13 Zodiac and Explanation

Explanation from Raghunandan from the Planetary Society, India:

The order of the constellations of the Zodiac (as given by the apparent motion of the Sun over a year) starting with the Vernal Equinox and proceeding eastward along the Ecliptic is

PiscesThe FishesMarch12  to  April18
AriesThe RamApril19  to  May13
TaurusThe BullMay14  to  June19
GeminiThe TwinsJune20  to  July20
CancerThe CrabJuly21  to  August9
LeoThe LionAugust10  to  September15
VirgoThe MaidenSeptember16  to  October30
LibraThe BalanceOctober31  to  November22
ScorpiusThe ScorpionNovember23  to  November29
Ophiuchus**The Serpent-holderNovember30  to  December17
SagittariusThe ArcherDecember18  to  January18
CapricornusThe GoatJanuary19  to  February15
AquariusThe Water-bearerFebruary16  to  March11

The Constellations of the Zodiac :

The ancients observed that the Sun, Moon and those 5 funny wandering stars (the planets known to the ancients) seem to be constrained to a particular region of the sky, never traveling really far north or south of a wide band of stars. They divided this sky band into 12 sections based on the old constellations, each differing in width but all of them about 16° high (+8°/-8°) and called them the “Zodiac”. Each division is named for the constellation situated within its limits in the 2nd century B.C.!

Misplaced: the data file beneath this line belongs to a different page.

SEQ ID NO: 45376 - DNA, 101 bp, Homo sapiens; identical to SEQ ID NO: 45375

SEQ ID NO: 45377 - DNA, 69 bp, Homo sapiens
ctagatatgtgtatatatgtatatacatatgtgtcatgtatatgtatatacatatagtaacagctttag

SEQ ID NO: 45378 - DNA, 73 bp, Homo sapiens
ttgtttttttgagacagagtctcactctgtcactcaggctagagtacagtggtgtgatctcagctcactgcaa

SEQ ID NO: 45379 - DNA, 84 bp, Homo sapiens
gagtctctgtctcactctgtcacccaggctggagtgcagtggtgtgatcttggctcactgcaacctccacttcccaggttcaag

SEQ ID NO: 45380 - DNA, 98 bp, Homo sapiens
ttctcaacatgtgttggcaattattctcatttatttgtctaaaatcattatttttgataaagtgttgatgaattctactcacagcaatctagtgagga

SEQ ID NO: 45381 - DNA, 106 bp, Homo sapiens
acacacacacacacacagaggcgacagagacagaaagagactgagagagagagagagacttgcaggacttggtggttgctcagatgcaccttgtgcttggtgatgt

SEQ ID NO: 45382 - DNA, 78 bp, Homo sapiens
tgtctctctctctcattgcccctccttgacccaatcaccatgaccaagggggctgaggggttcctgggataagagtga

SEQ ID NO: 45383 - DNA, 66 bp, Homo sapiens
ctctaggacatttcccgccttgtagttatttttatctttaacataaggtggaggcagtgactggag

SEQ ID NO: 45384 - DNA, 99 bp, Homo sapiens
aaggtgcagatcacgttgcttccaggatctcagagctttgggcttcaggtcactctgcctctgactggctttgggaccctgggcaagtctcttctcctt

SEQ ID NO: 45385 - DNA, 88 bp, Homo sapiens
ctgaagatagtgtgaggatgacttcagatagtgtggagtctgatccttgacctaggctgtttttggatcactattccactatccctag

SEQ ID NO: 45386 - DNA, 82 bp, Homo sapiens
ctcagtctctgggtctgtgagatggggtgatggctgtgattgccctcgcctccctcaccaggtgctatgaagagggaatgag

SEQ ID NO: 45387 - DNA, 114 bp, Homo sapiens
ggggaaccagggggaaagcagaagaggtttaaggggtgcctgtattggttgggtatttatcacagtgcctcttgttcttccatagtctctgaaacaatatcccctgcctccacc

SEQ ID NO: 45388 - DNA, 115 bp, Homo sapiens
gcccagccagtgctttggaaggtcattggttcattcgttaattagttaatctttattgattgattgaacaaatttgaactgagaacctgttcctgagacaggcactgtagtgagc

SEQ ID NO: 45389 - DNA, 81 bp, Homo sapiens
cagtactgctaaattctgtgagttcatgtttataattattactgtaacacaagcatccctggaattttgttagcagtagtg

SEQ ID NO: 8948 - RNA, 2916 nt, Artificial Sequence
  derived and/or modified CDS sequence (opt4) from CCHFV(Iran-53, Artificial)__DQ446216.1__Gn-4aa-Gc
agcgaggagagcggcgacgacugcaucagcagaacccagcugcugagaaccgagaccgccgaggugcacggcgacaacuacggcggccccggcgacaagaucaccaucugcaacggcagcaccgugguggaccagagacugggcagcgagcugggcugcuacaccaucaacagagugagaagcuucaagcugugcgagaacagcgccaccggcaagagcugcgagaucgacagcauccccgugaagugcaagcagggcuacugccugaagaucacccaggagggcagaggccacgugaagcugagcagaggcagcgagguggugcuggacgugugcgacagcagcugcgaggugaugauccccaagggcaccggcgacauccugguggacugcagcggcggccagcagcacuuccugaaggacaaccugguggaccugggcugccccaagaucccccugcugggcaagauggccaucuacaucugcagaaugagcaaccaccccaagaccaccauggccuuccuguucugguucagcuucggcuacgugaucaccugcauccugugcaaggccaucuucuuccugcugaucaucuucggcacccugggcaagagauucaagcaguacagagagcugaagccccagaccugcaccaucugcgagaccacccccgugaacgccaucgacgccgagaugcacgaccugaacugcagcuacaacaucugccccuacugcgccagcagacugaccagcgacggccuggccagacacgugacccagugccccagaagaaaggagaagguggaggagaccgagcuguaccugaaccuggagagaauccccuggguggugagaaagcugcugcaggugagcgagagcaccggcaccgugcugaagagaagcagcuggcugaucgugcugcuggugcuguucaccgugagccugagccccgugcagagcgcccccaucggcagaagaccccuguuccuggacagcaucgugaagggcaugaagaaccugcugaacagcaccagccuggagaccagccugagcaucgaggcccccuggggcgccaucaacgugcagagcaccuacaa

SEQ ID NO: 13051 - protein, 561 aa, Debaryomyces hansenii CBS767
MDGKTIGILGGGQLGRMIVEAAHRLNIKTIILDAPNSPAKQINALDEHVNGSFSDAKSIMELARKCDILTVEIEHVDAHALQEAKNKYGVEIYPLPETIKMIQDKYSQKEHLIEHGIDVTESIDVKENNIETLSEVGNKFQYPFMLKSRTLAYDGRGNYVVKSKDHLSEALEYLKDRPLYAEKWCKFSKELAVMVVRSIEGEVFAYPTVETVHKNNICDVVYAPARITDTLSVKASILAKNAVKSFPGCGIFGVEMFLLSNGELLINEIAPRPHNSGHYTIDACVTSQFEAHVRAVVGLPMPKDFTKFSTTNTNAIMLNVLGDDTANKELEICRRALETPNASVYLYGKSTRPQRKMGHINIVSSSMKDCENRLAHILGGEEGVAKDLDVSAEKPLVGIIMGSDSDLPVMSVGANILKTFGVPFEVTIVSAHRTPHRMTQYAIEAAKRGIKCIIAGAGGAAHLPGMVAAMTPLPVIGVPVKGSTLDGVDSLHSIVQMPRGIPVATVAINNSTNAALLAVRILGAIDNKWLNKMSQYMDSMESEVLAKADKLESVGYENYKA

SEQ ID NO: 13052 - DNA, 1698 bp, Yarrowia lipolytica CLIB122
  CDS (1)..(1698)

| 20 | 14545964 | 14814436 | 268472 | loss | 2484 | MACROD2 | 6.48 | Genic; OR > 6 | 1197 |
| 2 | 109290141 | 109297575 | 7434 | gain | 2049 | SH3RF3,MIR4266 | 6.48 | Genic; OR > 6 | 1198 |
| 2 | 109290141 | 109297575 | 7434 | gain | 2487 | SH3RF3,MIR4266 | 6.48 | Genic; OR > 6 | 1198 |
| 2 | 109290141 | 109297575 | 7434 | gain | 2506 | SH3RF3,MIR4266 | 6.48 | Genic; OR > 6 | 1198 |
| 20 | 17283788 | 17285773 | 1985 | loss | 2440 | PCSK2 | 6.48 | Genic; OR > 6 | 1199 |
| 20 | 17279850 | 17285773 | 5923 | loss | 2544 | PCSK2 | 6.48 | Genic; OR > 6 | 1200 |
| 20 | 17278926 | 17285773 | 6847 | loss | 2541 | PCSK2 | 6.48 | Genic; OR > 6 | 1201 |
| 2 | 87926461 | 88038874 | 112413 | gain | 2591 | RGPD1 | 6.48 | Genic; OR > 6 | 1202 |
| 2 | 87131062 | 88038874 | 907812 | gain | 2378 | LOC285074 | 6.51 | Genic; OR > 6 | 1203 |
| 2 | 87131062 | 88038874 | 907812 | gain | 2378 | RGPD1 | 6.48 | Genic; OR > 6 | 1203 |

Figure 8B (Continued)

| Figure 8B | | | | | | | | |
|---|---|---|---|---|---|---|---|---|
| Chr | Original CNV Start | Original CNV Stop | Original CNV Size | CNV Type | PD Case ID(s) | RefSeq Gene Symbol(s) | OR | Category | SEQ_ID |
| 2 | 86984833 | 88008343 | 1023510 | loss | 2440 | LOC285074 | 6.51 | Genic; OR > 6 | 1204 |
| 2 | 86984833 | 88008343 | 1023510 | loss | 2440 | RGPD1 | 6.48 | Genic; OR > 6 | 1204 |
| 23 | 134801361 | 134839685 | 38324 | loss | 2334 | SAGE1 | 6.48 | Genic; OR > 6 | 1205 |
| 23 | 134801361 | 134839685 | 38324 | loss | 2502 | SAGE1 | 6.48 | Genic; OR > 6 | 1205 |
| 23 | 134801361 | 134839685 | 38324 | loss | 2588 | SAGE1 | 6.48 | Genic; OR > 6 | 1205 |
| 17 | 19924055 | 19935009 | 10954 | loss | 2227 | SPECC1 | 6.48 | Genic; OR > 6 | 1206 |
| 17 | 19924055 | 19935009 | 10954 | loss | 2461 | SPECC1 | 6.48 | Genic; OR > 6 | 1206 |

The name “Zodiac” is derived from the Greek, meaning “animal circle” (also related to the word “zoo”), and it comes from the fact that most of these constellations are named for animals, such as Leo, the Lion, Taurus, the Bull and Cancer, the Crab. It turns out that this band of the sky is centered on a line called the “ecliptic” which is the apparent path the Sun appears to take through the sky as a result of the Earth’s revolution around it (actually, it is defined as the projection the Earth’s orbital plane into outer space). If we could see the stars in the daytime, we would see the Sun slowly wander from one constellation of the Zodiac to the next, making one complete circle around the sky in one year. Which constellation the Sun was in had to be inferred by drawing all the constellations, then noting which was the last to set before sunrise and which was the first to rise after sunset then assuming the Sun was half way in between.

Distance of Orion
88 Constellations

Source:

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